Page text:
Amazon Business' entry into the UK B2B space last year has seen "slow uptake", according to one of its partners.
That may change with the news last week that it signed a five-year £600m public sector contract to become a one-stop shop for Yorkshire's schools, social services and emergency services.
The deal is Amazon Business' first major public procurement contract in the UK.
Amazon's B2B operation caters to businesses of varying sizes, as well as universities and public sector organisations, offering a range of products from laptops and office supplies to bandages.
The Business platform provides sellers with various features including invoicing and discount capabilities, as well as the option of having Amazon fulfil the delivery on behalf of the seller.
Dan Scarfe, founder of Microsoft partner New Signature, said the news is another example of Amazon "encroaching on the turf" of others, adding that he is witnessing customer unease with Amazon's cloud service, AWS.
"It blurs the line even more between when Amazon is your partner and when it is your competitor," he said.
"We've seen lots of customers recently start to get increasingly nervous about whether Amazon is going to start coming and competing with them.
"Customers are starting to make decisions on which cloud provider they go with based on whether Amazon might be a future potential competitor to them. There are very few companies out there who wouldn't potentially come into competition with Amazon in the future."
Scarfe said the blurring of lines between partner and competitor is the "perennial challenge" for resellers, but that Amazon is especially problematic for partners.
"Amazon is bringing a whole new dimension to it as they compete with so many businesses on so many different fronts that they are a particularly dangerous competitor for a lot of organisations," he stated.
Dean Mason, MD at reseller GreenCloud IT, is one such partner witnessing this blurring. Aside from being a reseller in its own right, GreenCloud has an online sales operation via Amazon Business. However, he doesn't regard it as a competitor.
"I don't see them as a rival but they're always a threat as they have that buying power," he said. "But we also sell on Amazon Business so it's good to build that relationship."
Mason believes that despite the large deal struck with Yorkshire authorities, there would be a "slower uptake" from the public sector for Amazon Business, adding that Amazon Business is a "long way off being a competitor to the channel".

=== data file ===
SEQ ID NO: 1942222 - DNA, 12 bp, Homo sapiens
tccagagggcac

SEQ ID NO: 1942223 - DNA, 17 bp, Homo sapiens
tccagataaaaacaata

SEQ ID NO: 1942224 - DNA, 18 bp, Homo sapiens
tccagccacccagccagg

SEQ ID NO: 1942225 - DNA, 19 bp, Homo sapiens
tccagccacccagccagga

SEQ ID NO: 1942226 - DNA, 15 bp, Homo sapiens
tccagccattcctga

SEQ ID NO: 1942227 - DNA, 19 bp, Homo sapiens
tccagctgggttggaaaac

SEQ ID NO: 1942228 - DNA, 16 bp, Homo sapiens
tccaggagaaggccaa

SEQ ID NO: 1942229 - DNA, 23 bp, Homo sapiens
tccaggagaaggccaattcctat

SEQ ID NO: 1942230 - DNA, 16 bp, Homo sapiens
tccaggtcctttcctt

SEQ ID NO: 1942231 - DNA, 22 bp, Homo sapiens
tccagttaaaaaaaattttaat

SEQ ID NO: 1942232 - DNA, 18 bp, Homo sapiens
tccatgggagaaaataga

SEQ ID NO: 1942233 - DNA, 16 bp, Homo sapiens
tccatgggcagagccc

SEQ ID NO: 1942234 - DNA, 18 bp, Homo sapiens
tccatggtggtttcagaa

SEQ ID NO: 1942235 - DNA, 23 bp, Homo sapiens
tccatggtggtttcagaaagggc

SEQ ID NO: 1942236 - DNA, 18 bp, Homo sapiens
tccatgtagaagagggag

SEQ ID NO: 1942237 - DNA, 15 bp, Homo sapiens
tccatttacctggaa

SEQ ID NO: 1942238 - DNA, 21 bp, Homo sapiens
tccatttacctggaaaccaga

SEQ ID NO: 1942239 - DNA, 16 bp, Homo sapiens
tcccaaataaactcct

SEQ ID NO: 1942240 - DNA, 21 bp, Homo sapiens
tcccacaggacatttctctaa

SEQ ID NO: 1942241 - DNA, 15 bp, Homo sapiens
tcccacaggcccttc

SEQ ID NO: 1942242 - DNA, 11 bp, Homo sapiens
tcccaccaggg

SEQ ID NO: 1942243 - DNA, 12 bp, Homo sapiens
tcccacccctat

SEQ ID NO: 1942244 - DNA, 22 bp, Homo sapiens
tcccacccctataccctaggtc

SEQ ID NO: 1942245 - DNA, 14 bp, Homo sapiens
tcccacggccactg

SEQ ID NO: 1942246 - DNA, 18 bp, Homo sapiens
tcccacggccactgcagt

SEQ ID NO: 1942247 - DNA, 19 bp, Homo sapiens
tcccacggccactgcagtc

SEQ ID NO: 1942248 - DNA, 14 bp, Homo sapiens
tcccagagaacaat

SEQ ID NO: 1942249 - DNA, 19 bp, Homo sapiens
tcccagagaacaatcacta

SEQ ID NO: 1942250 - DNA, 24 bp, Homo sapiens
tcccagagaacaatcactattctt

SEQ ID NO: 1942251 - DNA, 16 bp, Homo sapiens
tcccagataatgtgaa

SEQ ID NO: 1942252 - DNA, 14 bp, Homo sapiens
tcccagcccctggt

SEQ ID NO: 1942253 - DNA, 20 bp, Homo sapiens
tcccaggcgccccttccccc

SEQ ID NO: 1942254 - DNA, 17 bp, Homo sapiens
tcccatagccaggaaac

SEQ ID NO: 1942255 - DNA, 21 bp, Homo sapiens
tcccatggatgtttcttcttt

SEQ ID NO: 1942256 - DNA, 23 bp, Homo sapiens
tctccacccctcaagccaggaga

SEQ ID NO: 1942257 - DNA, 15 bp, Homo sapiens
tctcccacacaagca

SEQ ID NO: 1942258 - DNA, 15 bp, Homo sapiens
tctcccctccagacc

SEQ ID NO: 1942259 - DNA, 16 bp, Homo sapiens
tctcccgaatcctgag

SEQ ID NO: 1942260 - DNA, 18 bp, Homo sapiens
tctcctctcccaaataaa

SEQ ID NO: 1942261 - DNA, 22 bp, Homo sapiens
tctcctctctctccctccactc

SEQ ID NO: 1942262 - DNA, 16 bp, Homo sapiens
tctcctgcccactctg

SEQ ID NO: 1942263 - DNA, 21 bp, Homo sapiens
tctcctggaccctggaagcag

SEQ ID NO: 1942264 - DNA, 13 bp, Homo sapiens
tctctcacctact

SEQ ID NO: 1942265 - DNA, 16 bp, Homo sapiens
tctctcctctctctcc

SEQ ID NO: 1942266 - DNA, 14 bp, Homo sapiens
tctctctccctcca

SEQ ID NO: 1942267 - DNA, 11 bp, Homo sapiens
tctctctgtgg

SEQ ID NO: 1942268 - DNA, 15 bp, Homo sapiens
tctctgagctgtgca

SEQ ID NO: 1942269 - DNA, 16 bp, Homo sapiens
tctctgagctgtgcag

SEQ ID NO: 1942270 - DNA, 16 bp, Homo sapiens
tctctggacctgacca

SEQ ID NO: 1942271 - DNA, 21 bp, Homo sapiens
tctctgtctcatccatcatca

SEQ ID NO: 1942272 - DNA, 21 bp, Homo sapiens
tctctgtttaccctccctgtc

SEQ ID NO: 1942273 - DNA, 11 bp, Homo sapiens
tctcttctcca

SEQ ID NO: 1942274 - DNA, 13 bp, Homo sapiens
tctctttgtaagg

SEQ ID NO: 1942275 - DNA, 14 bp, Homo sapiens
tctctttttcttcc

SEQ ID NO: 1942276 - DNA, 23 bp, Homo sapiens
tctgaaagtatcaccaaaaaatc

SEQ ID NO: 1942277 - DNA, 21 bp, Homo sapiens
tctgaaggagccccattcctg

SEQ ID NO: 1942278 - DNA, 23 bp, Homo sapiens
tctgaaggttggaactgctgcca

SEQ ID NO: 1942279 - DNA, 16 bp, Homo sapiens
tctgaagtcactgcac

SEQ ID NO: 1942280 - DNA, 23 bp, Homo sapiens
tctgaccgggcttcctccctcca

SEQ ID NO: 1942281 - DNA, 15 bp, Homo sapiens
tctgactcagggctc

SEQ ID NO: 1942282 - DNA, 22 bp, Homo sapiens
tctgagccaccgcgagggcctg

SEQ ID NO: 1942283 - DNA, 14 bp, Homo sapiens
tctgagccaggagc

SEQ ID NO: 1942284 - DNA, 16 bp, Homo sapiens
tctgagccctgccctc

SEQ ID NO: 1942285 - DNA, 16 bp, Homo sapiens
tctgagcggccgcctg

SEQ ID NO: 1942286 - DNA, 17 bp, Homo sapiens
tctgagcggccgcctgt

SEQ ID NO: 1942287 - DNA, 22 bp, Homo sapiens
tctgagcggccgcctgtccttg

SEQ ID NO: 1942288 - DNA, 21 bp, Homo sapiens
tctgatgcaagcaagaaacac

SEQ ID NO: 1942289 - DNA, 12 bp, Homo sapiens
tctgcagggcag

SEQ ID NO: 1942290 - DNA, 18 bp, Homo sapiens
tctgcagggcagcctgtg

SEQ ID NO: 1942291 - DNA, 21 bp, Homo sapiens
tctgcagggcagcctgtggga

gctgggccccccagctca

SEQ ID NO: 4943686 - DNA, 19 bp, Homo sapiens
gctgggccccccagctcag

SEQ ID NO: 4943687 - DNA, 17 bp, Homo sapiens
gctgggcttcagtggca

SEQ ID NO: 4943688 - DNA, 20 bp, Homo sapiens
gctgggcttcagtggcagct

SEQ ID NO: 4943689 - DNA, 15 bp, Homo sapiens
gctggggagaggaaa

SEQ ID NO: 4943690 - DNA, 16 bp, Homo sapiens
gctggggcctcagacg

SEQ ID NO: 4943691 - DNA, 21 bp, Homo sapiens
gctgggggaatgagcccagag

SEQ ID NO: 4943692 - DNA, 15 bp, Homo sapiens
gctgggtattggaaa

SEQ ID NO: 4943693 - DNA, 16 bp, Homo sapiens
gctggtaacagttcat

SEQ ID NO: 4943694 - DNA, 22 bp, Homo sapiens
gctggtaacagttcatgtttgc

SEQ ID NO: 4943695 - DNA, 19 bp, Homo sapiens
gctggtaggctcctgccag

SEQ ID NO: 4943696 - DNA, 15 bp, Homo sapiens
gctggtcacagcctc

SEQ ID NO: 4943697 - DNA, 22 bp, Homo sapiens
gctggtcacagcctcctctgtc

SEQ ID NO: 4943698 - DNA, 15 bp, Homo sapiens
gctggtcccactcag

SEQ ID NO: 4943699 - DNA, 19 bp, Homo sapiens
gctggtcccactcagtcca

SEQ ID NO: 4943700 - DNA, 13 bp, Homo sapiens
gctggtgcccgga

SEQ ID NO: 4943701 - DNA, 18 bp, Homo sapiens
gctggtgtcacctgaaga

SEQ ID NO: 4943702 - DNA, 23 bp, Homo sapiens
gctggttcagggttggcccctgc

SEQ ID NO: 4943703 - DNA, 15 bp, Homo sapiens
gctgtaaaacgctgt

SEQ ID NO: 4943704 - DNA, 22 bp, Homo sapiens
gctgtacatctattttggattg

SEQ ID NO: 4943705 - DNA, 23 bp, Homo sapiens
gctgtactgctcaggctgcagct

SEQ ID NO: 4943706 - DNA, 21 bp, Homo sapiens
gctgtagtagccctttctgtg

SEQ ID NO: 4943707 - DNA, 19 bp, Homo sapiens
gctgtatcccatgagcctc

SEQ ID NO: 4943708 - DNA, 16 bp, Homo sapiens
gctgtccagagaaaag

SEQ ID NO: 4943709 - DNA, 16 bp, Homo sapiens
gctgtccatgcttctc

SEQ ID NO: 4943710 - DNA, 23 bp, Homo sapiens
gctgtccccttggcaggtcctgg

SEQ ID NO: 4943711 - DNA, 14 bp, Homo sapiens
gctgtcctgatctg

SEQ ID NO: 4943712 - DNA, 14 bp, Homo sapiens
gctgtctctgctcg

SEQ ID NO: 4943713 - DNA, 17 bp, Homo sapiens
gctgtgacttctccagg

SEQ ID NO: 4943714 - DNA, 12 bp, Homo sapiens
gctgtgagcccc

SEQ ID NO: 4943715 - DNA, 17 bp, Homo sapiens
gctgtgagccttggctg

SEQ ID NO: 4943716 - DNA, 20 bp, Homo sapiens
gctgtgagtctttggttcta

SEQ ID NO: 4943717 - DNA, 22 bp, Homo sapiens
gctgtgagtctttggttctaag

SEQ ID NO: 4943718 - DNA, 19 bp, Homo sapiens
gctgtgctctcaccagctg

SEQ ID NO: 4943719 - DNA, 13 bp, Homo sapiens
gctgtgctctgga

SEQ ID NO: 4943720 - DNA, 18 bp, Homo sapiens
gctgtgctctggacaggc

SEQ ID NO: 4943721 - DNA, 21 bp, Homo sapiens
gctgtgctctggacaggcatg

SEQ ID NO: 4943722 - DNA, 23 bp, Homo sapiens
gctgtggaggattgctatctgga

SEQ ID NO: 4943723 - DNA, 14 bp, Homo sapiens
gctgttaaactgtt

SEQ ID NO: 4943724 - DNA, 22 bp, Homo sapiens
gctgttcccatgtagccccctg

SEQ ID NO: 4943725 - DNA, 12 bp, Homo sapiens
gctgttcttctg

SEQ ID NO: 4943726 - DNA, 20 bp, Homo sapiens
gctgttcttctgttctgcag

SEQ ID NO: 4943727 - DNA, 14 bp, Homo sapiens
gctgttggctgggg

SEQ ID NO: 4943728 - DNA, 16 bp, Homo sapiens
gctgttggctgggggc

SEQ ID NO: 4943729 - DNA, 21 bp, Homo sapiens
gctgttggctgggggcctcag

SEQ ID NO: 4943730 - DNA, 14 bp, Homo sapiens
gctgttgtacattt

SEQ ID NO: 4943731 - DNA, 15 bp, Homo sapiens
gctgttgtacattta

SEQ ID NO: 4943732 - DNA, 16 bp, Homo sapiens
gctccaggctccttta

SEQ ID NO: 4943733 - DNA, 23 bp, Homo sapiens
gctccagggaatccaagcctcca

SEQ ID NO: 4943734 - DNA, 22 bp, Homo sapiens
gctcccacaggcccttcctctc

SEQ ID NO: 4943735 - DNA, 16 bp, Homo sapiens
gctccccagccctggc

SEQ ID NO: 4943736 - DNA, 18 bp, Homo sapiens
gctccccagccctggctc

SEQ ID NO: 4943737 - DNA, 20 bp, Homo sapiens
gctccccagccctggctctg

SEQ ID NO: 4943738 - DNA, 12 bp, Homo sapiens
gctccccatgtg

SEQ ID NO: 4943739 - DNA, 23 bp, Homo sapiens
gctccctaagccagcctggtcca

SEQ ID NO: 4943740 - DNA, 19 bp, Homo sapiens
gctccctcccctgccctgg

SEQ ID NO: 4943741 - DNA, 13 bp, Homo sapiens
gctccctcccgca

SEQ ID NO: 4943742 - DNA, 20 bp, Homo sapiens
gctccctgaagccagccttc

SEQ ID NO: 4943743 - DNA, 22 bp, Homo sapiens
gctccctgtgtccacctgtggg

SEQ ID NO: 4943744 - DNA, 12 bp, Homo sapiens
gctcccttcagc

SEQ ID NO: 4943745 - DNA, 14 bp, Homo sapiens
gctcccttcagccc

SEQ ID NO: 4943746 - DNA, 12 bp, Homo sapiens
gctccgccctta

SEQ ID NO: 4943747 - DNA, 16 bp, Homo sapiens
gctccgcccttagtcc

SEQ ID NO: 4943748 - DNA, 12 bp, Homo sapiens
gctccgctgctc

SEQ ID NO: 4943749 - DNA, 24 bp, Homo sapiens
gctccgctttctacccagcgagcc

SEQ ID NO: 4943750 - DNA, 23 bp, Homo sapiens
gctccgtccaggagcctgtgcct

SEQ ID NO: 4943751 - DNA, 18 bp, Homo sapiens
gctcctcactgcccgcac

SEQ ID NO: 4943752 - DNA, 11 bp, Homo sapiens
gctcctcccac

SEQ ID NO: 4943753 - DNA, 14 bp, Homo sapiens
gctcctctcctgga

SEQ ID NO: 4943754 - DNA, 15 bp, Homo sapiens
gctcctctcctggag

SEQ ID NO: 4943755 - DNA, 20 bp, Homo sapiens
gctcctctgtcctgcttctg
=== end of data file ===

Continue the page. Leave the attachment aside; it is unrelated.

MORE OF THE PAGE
"[The Yorkshire contract] is a massive deal and Amazon must have worked on it for a long time and wanted to make an impact, but I can't see them being as interested in smaller deals," he said.
"Realistically they're not going to spend time on smaller contracts, so there's still going to be plenty of opportunities out there."
Comparing the dynamic to the fast food industry, Mason said that although McDonalds is the biggest company in that sector, its rivals still manage to get a fair percentage of market share.
"Amazon is going to take a massive chunk of that business but they aren't going to win everything," he said. "So long as resellers carry on building relationships with distributors and manufacturers, there is still plenty of business out there to be won."
Alex Tatham, MD of Westcoast, agreed with Mason's assessment that Amazon Business will encourage companies in the channel to focus on its relationship with partners and customers.
"I think it is a really exciting plan of action from Amazon," he said. "It encourages people to add value to make sure their customer services are strong.
"Because they are competing on so many fronts, you'll always compete with Amazon in some fashion.
"Therefore you have to make sure that your value is well pronounced, you understand what market value you are adding, you don't overcharge, are competitive and can articulate all of that," Tatham explained.
However, New Signature's Scarfe believes that options for channel companies are limited when it comes to reducing Amazon Business' competitive edge in the sector.
"There's a limited amount you can do to stop the Amazon steamroller other than encouraging people to look at other cloud providers in the first instance, as Amazon makes most of its profits from AWS," he said.
"Anything they can do to steer customers away from AWS will have a meaningful impact on Amazon's ability to compete with them."
Andy Wright, commercial director at XMA, admitted that he is worried about Amazon's threat to the channel, but stated that the value-add that channel companies provide to customers will develop alongside it.
"As people move into the commodity end of the market, you have to move up the value chain. The reality is, where customers are just buying on price, most of us will move out of those markets anyway - our value comes out of other things," he said.
"If the value-add for customers is best price and best logistics, then they'll go to Amazon.
"But to help them install, manage and run their infrastructure, then they'll come to the value-added businesses that we have in the UK."
Wright added that companies aggressively coming into a market isn't anything new and said that the channel needs to evolve with the threat.
"We have to keep developing and shifting with the times which the successful resellers and integrators in the UK have always been good at," he said.
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